Grackles enjoy perching on ledges along buildings and houses for a convenient and comfortable resting place. In order to keep Grackles off of ledges, you can install bird spikes that make it impossible for Grackles to sit on a ledge.

Benefits of Having Grackles Around Your Yard

Even though these birds can be an aggressive nuisance, there are some benefits to having them around.

Since Grackles are ground foragers if you have an overly abundant population of insects they are likely to help get that population under control.

This can protect your plants and garden from any invasive insect species that have taken over. Grackles also eat small rodents and can help keep your rodent population under control too.

that’s a wrap!

As you work to try different options and techniques to keep these bully birds from taking over your feeders and plants, remember that they are migratory birds and will hopefully only be around for a few weeks.

Some of the best tips to try to get rid of Grackles are:

  • Use a tube bird feeder with smaller perches that Grackles won’t be able to stand on.
  • Installing a weighted bird feeder allows smaller birds to eat while making it harder for Grackles to balance to get food from the bird feeder.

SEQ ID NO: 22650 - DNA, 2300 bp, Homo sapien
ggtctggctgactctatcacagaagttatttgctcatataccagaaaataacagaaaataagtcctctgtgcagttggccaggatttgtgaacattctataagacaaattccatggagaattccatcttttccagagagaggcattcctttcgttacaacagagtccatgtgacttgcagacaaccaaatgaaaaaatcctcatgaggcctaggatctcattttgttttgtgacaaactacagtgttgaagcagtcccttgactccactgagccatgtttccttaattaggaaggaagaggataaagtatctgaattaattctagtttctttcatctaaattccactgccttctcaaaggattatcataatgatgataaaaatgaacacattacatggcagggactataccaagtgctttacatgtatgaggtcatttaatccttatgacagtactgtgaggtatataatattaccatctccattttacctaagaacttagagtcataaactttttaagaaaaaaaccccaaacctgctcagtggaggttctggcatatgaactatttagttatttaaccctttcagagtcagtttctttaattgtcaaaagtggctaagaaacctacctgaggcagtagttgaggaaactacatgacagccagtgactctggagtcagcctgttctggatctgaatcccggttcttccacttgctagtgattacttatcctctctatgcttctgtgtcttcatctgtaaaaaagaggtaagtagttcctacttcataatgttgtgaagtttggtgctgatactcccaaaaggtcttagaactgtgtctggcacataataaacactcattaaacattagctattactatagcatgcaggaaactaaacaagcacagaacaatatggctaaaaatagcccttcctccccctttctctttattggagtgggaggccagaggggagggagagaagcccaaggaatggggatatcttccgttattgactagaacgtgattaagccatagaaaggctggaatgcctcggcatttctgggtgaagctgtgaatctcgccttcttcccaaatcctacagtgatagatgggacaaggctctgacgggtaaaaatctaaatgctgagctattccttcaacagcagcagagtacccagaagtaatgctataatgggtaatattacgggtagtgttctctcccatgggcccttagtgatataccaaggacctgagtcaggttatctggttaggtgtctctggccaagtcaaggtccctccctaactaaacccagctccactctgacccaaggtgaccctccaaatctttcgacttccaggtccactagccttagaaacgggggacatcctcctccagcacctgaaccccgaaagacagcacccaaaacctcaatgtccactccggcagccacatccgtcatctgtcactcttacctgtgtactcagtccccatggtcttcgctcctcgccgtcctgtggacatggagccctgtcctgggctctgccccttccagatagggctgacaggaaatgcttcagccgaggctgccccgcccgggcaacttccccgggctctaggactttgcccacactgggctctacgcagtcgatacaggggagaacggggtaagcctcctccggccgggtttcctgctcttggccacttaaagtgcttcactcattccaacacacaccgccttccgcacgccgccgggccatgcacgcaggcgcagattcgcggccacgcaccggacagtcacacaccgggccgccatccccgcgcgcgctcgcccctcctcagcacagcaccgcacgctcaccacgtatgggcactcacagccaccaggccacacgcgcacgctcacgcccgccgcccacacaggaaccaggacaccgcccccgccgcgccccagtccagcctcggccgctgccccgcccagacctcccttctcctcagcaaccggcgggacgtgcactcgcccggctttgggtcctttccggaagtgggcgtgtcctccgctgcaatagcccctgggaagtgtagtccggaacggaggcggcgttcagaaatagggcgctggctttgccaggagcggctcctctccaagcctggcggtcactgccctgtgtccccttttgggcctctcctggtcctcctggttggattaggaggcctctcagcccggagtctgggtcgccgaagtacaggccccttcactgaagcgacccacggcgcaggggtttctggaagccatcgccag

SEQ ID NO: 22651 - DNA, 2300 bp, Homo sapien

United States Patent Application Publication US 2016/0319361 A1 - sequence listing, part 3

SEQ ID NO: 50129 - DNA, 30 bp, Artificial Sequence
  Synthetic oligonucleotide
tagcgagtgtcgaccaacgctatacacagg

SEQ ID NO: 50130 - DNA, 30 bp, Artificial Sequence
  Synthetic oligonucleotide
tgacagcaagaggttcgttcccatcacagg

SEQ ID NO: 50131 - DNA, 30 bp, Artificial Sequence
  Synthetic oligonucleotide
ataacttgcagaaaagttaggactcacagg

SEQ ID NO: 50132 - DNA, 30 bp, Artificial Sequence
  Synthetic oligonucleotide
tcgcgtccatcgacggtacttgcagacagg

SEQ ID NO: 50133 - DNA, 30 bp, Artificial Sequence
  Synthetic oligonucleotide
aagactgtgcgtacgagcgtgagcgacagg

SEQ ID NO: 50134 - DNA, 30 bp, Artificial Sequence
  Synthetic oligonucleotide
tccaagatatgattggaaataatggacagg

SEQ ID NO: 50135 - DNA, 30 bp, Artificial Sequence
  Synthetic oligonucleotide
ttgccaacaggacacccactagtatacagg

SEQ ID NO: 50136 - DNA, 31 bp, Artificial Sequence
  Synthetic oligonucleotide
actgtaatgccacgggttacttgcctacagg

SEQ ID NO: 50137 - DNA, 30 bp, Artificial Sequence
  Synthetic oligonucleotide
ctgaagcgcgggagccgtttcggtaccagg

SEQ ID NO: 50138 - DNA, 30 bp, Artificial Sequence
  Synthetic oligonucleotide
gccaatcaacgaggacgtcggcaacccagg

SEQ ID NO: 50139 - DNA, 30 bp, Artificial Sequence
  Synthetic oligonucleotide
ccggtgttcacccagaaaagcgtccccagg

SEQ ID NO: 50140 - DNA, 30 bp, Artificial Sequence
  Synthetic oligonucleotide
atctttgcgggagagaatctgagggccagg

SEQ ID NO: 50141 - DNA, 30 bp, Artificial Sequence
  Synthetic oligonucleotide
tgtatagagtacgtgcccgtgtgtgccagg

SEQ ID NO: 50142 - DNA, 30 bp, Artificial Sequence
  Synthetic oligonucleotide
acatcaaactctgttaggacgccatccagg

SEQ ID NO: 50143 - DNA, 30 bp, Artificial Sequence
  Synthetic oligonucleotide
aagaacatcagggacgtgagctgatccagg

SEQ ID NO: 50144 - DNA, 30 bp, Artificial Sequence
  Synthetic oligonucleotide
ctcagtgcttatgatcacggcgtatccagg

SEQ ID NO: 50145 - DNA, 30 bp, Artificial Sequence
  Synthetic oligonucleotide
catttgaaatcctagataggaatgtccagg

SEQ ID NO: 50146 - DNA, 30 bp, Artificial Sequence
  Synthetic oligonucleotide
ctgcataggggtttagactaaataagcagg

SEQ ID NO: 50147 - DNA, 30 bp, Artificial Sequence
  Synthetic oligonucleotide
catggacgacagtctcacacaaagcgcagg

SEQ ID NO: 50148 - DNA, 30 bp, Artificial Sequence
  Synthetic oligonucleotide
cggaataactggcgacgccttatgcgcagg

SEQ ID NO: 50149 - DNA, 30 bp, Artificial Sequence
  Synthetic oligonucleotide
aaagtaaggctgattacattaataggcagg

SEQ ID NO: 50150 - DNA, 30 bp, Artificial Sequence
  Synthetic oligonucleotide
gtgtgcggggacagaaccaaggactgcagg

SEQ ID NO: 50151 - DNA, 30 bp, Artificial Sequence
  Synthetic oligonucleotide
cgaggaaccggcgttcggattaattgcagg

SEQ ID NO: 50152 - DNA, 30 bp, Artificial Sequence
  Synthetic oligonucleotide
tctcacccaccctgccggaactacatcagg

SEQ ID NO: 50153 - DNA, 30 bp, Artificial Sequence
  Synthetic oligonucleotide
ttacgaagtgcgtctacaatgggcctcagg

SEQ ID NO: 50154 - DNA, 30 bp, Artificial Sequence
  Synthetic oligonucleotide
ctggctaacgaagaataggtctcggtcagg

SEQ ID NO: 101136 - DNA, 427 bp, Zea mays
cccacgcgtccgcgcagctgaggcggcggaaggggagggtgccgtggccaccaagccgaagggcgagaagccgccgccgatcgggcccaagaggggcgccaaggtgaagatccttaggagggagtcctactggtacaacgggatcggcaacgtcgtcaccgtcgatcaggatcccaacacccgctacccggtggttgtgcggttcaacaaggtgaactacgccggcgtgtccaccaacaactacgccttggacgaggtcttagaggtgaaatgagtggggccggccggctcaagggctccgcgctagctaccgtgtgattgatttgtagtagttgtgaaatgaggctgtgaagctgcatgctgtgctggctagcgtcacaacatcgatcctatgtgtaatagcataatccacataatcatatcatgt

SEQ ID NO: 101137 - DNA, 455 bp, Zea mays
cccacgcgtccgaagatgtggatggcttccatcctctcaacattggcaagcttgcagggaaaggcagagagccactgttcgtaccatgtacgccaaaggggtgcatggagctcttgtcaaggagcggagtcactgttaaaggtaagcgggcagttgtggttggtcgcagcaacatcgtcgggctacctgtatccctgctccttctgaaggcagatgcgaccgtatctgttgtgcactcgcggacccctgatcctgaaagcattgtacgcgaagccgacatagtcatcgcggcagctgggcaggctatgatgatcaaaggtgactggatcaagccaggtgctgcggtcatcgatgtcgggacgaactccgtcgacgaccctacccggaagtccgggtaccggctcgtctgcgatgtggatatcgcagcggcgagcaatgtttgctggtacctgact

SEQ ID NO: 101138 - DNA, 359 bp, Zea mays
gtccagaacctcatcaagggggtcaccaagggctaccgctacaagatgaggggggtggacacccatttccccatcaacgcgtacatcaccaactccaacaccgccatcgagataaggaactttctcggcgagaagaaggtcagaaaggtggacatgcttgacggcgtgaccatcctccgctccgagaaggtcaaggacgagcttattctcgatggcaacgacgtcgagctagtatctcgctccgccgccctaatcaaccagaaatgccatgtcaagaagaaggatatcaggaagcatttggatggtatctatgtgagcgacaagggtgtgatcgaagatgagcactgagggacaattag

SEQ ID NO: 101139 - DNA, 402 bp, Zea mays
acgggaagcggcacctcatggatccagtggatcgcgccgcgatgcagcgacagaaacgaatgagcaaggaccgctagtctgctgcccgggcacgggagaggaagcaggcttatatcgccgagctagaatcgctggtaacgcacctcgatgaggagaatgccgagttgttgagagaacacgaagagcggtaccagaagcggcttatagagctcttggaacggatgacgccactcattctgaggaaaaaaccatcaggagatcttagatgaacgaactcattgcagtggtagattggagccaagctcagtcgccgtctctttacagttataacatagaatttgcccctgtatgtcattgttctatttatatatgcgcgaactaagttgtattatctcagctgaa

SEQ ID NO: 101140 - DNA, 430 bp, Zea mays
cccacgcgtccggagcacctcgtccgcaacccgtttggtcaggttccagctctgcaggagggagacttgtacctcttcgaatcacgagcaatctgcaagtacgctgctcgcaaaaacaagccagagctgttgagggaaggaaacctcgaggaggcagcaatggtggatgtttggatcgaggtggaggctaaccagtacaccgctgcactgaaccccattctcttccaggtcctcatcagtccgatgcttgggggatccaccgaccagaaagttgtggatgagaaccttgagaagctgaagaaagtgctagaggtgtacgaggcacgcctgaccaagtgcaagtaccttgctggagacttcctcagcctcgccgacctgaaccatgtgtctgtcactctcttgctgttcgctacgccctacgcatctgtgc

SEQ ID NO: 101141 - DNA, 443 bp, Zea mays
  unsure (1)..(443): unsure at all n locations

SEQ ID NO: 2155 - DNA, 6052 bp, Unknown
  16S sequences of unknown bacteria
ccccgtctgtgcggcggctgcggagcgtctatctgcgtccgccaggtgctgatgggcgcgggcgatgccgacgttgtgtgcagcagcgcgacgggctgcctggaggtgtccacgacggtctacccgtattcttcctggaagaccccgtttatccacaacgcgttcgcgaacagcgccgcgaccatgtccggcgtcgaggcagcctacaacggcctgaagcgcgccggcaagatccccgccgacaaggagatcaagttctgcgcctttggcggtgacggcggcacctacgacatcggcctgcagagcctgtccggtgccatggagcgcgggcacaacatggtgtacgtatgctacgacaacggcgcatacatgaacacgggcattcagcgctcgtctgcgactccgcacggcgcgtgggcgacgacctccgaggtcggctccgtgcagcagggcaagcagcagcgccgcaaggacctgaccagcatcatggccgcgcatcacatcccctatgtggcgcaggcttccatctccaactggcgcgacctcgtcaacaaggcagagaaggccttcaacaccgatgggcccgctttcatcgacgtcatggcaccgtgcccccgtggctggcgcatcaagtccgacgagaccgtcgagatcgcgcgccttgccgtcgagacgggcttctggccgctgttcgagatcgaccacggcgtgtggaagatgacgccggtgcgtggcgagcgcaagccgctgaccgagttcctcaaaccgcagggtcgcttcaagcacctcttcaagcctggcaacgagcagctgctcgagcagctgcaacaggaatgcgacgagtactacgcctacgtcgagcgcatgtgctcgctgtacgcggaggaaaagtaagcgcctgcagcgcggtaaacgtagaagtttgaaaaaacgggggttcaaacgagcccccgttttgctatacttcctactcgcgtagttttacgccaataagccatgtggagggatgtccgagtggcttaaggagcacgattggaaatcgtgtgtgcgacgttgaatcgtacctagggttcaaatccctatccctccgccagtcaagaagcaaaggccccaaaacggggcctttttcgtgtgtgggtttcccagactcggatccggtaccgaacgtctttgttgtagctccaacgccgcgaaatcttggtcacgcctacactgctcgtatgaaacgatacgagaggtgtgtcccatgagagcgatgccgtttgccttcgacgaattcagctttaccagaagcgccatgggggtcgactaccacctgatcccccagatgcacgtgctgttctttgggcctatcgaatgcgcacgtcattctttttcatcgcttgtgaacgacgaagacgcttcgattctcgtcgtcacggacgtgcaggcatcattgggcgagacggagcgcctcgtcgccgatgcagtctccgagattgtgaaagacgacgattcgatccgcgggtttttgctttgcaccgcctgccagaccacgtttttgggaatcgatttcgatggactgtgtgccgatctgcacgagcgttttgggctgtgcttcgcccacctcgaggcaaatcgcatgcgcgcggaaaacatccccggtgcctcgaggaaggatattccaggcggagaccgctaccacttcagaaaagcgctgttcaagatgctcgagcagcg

• Try using a caged bird feeder to keep other smaller birds coming to the feeder.
  • Grackles are always aware of potential predators which means using a larger bird decoy or kite can help scare them away.
  • Switch out the type of seeds you are using in your feeder to keep Grackles away.
  • Keeping your larger trees pruned takes away potential nesting locations for Grackles and their colonies.

Remember that as much as Grackles enjoy tormenting other birds for a food source, they are just as concerned about keeping an eye out for their own predators.

Using different types of bird feeders as well as scare tactics can help keep Grackles away while keeping the rest of the birds around to enjoy watching at your bird feeders.

Happy Grackle repelling!


Bodenchuk, M.J. and D.L. Bergman. 2020. Grackles. Wildlife Damage Management Technical Series. USDA, APHIS, WS National Wildlife Research Center. Fort Collins, Colorado. 16p.

Slaughter, E.I., Berlin, E.R., Bower, J.T. and Blumstein, D.T. (2013), A Test of the Nonlinearity Hypothesis in Great-tailed Grackles (Quiscalus mexicanus). Ethology, 119: 309-315.

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  1. When grackles are a problem I only put out safflower and nyjer seeds. Bear in mind though that not all birds like safflower seed and those that do (cardinals, house finches, chickadees) may not take to it straightaway, especially if they’ve become accustomed to black oil sunflower seed. Definitely take down any suet feeders. ‘Upside down’ suet feeders may help to deter them initially, but grackles are very persistent and highly acrobatic. I haven’t tried the Brome ‘Squirrel Solution’ (200 and 150) feeders myself, but I inquired what weight is needed to close down the feeding ports and was told it is 12oz; the weight range of the Common Grackle is 2.6–5.0 oz.

    1. This is a great value add – nice tips here! If you have any images or videos of Grackles bullying their way into a feeder, I’d love to include them in the post. Sounds like you have a nice feeder set up.